Do you ever wonder about the mass media you consume? Whether it is giving you the information you need to hear, or whether the corporate media is in the habit of hiding as much news from us as it reveals?
We live in a world with massive media conglomerates like News International and AOL Time Warner telling us everything we know about the world outside our own immediate social relations. Sites like Facebook and YouTube do exist, offering hope in the form of distributed information sharing networks. But both are corporately owned and may someday, if they do not already, exercise editorial control over the content on their sites, just as Google Groups allegedly deletes USENET posts from their archive on request from governments, the military, and media conglomerates. What is needed is a media network that is completely anti-corporate: anti-organisation, bottom up and distributed. This is the People’s Media manifesto.
The People’s media is a brand. Its brand logo is the green circle in the blue square. By having a logo the People’s Media have a brand identity. All People’s Media video files should start with the brand logo displayed for five seconds, to create a sense of brand identity to all People’s Media work. There are very few distributed, anti-capitalist, anti-organisational brands in existence, and there are certainly none in the media. If the People’s Media ever emerged as a media brand alongside the BBC or the New York Times, it would be an great achievement for those who wish to bring back control over the means of production of information and news to the democracy and wisdom of the crowd.
Anyone can work for the People’s Media, making films of any length. All you need is a DV camera and some black clothes. The People’s Media always wear all black clothes – this is also part of the brand identity. A well known way of organising people for rallies in a distributed way, to avoid the police from stopping you from meeting up, is known as the black block. European political dissidents used to organise in the 1920’s by wearing black clothes, and looking for other people wearing black clothes. Groups of people wearing black clothes would form, and would find each other and form larger groups, until eventually a black block would be formed, an impromptu rally, a block of people that had self-organised without the need for meeting places or leaders. The People’s Media, like the black block, is distributed and self-organising, and it wears black clothes as a mark of its anti-organisational belief system.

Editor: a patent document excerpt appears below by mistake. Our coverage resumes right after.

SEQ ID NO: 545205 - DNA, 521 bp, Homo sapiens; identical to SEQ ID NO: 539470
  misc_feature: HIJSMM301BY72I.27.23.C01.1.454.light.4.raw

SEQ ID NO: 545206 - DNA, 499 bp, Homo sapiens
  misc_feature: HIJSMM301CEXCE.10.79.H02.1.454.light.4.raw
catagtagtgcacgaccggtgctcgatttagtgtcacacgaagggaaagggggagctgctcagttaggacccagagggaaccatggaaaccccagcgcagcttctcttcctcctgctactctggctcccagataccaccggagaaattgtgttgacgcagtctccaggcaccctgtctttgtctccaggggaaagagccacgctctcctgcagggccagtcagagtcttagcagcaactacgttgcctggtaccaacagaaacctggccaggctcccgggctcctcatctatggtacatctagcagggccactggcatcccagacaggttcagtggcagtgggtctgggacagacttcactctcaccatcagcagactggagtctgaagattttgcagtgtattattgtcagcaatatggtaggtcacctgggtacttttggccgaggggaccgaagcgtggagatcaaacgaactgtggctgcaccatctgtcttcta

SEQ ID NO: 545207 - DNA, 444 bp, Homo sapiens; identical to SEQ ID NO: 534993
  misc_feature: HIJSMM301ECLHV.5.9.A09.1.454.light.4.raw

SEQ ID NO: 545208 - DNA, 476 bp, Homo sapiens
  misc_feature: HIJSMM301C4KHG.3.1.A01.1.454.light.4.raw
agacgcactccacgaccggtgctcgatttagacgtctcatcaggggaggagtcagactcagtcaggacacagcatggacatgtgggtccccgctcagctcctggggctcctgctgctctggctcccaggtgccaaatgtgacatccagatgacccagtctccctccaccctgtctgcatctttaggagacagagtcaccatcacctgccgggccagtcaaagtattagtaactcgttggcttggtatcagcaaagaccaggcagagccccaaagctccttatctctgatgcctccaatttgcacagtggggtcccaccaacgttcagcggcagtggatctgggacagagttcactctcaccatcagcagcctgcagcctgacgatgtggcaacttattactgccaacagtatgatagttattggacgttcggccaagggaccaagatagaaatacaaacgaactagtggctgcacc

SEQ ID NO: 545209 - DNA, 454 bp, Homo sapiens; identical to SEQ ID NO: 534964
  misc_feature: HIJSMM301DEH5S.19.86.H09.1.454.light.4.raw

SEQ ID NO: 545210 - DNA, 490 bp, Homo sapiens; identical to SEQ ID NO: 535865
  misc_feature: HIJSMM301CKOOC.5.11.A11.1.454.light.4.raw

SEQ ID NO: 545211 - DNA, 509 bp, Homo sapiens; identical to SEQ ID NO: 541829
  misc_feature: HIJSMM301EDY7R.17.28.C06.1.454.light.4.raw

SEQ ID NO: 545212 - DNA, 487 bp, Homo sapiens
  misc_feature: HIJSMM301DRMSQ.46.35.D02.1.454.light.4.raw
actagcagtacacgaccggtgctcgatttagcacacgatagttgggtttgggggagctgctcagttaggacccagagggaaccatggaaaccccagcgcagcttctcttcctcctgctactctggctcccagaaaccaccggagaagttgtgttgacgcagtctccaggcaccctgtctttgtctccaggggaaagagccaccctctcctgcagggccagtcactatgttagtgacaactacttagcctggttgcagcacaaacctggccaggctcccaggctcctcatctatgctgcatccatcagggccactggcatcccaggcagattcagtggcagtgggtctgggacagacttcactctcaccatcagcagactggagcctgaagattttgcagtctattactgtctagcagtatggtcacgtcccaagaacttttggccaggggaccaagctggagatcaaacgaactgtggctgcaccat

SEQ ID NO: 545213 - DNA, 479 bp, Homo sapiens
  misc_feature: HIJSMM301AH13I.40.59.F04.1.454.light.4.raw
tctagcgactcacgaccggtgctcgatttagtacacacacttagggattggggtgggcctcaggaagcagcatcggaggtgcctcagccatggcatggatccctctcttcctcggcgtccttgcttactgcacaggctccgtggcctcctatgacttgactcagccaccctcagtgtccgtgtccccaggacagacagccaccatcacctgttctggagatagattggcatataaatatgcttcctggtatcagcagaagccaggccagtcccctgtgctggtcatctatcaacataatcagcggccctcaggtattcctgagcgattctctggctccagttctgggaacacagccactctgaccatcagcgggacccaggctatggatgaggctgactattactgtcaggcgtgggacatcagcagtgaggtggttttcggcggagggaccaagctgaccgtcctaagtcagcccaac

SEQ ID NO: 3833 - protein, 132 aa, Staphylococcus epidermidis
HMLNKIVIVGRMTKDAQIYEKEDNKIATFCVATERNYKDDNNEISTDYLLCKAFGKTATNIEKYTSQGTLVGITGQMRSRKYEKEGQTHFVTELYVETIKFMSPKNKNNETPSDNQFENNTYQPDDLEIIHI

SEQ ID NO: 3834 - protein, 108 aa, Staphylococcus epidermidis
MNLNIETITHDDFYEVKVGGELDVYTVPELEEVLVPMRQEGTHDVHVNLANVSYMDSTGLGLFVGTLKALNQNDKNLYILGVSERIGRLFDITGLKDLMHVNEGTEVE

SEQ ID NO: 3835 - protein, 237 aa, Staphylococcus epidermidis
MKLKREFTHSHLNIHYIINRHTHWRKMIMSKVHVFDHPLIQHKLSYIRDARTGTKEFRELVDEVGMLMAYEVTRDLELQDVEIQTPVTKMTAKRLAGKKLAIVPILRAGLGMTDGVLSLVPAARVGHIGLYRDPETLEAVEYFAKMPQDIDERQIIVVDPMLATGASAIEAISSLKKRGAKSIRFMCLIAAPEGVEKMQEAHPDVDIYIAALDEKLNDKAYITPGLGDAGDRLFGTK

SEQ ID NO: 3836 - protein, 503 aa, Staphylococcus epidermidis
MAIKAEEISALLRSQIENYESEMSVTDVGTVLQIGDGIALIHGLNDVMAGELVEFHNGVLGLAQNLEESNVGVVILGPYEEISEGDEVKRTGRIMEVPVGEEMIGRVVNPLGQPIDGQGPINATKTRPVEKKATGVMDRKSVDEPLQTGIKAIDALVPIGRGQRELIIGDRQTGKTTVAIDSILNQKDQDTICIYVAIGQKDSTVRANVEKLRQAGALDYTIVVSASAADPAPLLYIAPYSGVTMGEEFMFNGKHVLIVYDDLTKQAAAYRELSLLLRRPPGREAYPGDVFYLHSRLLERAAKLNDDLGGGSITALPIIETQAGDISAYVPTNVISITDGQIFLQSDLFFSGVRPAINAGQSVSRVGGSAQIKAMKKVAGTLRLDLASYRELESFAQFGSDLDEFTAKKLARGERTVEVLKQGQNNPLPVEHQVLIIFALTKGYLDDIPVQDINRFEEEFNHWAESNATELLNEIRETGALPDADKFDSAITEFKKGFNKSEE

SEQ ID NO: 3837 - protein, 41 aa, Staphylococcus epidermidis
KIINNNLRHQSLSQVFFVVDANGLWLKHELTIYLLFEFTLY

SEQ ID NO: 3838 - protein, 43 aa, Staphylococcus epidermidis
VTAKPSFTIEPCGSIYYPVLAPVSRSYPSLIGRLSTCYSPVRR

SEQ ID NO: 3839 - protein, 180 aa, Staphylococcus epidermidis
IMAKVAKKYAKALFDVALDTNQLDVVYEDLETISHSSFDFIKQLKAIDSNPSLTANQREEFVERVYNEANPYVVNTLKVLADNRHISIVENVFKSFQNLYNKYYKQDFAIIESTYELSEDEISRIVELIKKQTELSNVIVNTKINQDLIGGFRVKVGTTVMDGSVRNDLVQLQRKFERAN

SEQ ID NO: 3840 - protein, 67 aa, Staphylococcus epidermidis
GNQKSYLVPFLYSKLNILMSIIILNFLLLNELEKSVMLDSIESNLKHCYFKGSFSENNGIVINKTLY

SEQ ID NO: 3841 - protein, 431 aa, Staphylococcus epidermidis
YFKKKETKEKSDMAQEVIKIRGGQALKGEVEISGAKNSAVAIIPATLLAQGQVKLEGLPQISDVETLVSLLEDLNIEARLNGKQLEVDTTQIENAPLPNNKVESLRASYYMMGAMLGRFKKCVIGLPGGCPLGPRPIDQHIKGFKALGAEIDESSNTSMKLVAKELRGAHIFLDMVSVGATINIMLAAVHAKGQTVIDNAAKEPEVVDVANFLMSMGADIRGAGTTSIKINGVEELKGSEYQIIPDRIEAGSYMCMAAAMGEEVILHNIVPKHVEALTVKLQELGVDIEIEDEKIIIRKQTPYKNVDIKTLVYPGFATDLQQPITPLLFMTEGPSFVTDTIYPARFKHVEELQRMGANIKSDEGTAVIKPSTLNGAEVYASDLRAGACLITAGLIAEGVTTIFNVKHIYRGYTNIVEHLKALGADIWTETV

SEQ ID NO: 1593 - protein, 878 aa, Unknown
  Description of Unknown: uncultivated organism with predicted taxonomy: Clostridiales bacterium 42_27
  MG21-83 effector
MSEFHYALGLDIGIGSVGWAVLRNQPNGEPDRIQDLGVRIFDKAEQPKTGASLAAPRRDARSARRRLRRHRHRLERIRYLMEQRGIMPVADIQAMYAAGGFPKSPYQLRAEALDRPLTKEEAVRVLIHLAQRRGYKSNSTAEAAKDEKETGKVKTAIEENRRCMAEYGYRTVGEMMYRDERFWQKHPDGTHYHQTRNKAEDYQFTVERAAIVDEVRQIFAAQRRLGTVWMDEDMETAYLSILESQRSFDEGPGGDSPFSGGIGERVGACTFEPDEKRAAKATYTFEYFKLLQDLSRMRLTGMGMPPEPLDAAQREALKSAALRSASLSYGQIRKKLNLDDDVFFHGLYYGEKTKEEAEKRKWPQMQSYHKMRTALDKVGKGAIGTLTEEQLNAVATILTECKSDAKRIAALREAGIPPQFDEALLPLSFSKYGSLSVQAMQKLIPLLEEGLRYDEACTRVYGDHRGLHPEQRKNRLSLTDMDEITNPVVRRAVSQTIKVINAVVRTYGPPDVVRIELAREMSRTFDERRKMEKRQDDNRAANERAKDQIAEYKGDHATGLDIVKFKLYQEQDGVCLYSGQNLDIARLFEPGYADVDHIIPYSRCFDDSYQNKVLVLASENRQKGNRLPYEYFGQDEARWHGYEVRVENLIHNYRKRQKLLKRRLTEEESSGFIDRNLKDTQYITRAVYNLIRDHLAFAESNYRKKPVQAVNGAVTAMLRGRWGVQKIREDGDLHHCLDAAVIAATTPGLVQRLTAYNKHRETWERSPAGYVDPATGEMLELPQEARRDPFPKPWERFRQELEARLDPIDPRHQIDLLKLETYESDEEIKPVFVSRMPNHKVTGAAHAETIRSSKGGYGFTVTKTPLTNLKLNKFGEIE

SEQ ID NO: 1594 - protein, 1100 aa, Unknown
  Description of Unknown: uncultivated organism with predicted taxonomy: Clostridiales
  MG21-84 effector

To start with, the People’s Media should post their material to YouTube. As interest in the brand grows, and more people start creating content for it, a USENET group should be set up for community discussion and for posting links to People’s Media content hosted all over the Internet. The People’s Media should aim never to own a website or domain, in keeping with its distributed, anti-organisation structure.
What should the People’s Media report on? Well, that is for the people to decide. It must be said that many people will read this and never make a People’s Media film. Then again, many people see adverts for political protests and don’t bother attending. By the same token, some people see adverts for protest marches and do attend, even if London is several hours away by coach. It is these kinds of people who could and should use the People’s Media. If they did, the People’s Media would grow into an anti-capitalist media brand, reporting from anti-war rallies and G8 summits. If you like making films, making your films People’s Media films will eventually mean they are more likely to be watched by people, who are likely eventually to start searching for People’s Media content on the Internet, and so are more likely to come across your material. Whilst initially likely to appeal to activists, once established in the mainstream the People’s Media will naturally change in nature. It will truly have entered the mainstream when the first People’s Media pop video is produced.
Start making a mark! Create the People’s Media!